Nothing beats the Warren Ellis book. That book MADE Moon Knight for me.
“What are you supposed to be?”
[billy club to the face]
“The one you see coming.”
I like Jeff Lemire a lot, and this book is worth your time. But holy hell do I HATE stories that deal with madness in such a way where it’s impossible to tell whether the character is insane or not. Some will disagree with me on that, and that’s fine, but it’s a kind of story we’ve all read many times, and it leaves me with the same question: Does it matter?
If this character is whackadoo and is perceiving a bunch of wild shit that’s not happening, does it matter? What’s the difference if the wild shit is happening or not, to me, as a reader?
Most times, in this kind of story, we spend the majority of the book watching the character struggle with whether stuff is real or not, which I find boring. Because it’s not like we’re going to find a definitive answer. And it’s an issue of perception, so it becomes like watching two people argue over whether a color is more blue or indigo. Who’s to say, and who gives a hot damn?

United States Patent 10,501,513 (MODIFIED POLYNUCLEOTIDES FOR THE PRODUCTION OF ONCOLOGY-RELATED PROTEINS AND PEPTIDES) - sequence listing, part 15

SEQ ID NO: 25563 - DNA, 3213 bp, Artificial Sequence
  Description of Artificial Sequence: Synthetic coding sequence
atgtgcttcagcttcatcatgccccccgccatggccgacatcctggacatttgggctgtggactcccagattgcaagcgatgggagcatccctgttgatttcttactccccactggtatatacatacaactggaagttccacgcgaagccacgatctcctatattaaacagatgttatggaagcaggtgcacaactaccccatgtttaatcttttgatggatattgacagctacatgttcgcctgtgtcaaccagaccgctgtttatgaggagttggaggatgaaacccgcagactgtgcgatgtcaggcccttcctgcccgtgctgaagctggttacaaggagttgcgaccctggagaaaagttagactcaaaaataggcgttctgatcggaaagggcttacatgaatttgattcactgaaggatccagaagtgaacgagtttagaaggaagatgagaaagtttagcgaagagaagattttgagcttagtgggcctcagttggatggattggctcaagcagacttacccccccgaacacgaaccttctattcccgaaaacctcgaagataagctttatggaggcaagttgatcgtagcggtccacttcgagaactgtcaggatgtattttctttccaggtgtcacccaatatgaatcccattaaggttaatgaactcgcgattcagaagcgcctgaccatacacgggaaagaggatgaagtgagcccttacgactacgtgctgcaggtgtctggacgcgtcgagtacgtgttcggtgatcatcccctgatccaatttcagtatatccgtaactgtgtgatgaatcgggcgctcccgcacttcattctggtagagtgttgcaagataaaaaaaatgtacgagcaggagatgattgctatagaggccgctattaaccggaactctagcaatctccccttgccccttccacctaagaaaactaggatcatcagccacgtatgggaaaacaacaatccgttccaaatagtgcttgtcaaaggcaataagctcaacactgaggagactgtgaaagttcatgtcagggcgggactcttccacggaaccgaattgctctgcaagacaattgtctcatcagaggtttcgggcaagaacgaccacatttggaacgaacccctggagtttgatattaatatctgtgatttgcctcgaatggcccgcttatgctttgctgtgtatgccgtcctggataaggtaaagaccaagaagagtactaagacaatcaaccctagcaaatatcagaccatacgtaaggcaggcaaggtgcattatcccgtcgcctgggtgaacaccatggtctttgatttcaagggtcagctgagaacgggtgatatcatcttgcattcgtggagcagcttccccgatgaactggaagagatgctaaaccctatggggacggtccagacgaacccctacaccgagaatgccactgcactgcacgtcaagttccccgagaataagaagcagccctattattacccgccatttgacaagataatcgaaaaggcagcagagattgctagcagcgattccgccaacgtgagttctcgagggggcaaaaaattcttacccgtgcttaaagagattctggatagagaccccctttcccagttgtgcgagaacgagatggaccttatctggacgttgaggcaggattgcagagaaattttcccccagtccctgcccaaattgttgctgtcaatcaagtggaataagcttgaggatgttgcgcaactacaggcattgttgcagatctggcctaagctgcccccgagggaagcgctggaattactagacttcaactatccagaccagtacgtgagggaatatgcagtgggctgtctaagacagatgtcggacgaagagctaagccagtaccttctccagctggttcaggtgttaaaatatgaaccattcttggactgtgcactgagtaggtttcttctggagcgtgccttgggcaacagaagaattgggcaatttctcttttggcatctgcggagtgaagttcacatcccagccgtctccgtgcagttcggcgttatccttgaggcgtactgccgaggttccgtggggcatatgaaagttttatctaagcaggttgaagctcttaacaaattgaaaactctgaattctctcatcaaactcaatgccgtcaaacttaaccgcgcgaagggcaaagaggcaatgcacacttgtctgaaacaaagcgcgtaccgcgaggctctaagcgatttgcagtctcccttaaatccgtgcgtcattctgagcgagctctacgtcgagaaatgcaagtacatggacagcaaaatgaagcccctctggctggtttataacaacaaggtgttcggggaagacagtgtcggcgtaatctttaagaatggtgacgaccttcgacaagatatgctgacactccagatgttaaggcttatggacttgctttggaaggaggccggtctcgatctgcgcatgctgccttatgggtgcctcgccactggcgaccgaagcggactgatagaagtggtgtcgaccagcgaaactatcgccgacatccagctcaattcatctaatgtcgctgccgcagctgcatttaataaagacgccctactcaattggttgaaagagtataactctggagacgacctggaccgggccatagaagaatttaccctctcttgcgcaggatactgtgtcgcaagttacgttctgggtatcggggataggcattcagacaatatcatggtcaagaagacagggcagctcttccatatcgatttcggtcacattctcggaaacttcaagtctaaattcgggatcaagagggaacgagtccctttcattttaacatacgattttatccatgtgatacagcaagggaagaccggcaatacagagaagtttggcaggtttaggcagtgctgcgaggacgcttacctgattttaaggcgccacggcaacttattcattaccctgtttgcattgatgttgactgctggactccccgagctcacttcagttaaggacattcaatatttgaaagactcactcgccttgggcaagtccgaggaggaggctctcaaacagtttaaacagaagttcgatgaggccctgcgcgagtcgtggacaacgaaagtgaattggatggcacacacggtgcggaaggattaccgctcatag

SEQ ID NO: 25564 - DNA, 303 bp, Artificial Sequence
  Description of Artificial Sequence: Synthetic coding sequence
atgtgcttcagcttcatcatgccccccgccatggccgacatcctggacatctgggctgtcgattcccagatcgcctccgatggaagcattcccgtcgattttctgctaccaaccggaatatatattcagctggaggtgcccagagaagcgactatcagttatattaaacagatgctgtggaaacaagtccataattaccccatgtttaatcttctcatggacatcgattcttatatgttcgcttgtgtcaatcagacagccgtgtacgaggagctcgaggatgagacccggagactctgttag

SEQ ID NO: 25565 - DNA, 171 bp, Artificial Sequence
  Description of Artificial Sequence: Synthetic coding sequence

This book, at some point, got to a place where the character seemed to say, “I don’t know for sure what’s real, but I know what I’m choosing to believe at this point, and I’m all in.” So that was better, at least. And it’s a real testament to Lemire in that he took a shot at a story type I don’t like and still managed to make it pretty compelling.
Alas, Ellis’ Moon Knight is a brief moment in history, and that moment is over. I suppose I should just be happy that I lived to see the brief moment when Moon Knight was fucking awesome, and maybe I should take a minute to laugh at the fact that I typed the phrase “Moon Knight was fucking awesome,” which I never thought would happen.